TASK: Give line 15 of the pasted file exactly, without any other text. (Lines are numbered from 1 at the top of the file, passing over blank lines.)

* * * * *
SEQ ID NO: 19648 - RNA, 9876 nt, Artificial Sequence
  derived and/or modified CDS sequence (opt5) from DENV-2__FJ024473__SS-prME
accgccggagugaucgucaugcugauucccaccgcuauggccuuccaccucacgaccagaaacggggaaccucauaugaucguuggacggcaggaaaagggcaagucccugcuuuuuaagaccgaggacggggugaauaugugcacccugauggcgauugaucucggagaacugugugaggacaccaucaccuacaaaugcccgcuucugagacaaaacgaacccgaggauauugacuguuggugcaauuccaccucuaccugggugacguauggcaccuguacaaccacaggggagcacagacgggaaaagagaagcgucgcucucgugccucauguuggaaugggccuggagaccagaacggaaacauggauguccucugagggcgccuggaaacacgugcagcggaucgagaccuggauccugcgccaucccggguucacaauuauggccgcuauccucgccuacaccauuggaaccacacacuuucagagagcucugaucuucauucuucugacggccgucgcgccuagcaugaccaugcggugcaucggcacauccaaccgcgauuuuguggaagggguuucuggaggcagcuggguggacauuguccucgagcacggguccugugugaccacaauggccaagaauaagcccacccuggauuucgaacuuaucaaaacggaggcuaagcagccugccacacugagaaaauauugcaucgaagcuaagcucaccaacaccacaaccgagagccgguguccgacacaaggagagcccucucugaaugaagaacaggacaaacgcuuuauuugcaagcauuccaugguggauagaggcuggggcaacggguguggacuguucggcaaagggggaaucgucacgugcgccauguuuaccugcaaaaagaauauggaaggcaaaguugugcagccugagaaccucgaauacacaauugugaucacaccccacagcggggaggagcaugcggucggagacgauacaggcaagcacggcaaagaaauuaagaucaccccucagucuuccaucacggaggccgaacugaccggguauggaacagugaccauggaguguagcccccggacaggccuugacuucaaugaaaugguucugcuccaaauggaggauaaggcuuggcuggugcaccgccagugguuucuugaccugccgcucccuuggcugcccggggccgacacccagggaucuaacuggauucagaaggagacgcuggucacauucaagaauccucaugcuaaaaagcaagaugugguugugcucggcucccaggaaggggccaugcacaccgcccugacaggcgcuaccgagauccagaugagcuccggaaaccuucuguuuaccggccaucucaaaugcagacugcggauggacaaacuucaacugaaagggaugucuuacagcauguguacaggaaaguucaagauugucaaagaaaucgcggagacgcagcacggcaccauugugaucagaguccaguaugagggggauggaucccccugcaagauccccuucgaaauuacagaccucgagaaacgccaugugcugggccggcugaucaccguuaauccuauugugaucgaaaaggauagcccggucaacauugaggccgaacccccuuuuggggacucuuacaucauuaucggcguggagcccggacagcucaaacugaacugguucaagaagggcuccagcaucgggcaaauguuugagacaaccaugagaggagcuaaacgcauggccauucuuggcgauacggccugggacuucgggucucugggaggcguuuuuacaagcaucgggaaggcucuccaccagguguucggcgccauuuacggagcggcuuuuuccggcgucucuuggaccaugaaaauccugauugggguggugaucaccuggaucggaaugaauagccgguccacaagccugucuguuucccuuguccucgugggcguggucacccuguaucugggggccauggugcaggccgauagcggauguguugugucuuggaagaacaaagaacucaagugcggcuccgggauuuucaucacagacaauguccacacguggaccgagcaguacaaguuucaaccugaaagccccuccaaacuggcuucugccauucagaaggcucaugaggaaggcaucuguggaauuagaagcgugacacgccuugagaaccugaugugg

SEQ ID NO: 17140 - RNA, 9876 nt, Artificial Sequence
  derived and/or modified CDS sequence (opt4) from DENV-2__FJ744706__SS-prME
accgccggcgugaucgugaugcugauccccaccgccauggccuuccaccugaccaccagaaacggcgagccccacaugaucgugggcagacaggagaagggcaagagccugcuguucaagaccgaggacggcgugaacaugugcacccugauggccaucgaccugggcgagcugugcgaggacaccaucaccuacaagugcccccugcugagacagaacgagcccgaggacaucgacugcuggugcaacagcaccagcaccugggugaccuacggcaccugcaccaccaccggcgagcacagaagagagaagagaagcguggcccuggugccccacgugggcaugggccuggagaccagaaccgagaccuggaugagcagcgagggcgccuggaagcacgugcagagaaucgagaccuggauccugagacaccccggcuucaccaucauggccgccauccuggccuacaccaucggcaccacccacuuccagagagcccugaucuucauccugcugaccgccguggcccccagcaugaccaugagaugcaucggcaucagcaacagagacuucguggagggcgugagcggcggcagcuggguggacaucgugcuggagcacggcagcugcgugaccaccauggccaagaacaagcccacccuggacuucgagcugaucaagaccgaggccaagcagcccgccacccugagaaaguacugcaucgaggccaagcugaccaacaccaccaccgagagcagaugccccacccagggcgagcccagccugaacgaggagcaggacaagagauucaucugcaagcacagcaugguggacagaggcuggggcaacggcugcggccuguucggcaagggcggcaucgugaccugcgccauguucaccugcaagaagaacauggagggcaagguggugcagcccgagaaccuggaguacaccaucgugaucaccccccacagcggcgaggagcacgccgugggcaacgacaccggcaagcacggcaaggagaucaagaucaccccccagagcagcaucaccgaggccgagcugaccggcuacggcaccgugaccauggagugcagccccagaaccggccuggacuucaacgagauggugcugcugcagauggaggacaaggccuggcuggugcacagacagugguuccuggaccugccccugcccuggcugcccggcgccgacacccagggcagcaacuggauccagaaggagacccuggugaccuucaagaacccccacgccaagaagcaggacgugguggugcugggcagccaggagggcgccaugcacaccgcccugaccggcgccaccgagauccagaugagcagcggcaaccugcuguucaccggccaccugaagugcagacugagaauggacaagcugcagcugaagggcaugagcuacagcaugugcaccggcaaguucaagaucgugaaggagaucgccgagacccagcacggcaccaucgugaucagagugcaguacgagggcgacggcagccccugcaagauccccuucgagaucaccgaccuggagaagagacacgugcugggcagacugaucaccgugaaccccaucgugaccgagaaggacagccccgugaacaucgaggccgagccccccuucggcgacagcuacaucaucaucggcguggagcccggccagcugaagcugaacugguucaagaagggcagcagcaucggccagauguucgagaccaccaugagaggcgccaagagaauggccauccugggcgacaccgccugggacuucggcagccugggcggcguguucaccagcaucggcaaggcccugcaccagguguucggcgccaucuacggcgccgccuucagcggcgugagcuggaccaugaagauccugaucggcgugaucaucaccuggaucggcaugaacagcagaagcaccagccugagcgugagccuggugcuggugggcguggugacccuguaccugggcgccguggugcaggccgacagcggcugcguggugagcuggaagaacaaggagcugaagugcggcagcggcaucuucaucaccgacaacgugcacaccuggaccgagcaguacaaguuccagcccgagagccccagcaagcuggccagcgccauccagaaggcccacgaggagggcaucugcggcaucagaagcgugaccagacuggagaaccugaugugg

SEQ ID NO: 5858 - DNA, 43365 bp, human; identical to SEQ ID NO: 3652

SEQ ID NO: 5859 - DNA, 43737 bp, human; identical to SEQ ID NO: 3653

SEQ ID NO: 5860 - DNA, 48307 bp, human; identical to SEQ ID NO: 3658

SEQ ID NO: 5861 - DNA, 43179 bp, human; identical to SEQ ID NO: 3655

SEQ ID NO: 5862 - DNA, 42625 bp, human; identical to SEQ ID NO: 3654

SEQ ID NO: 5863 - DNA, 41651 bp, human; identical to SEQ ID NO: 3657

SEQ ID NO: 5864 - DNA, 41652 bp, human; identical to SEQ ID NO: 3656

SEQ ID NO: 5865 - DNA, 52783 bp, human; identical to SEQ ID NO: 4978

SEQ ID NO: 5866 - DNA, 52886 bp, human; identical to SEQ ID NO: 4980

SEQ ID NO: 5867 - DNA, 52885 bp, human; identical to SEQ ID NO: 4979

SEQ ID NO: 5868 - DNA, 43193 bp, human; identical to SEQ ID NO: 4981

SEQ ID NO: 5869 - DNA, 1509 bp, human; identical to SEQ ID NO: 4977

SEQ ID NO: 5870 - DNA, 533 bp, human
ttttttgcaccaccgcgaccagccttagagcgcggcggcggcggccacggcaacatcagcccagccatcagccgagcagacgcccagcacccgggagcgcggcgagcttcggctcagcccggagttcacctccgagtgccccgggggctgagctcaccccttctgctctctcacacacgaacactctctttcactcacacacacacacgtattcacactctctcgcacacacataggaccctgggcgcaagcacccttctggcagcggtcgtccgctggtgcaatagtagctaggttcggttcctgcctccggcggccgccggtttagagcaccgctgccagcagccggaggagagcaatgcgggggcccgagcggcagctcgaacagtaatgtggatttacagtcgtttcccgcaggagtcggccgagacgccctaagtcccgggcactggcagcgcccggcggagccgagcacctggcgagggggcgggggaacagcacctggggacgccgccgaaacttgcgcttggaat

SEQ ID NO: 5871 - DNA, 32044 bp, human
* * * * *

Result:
SEQ ID NO: 5866 - DNA, 52886 bp, human; identical to SEQ ID NO: 4980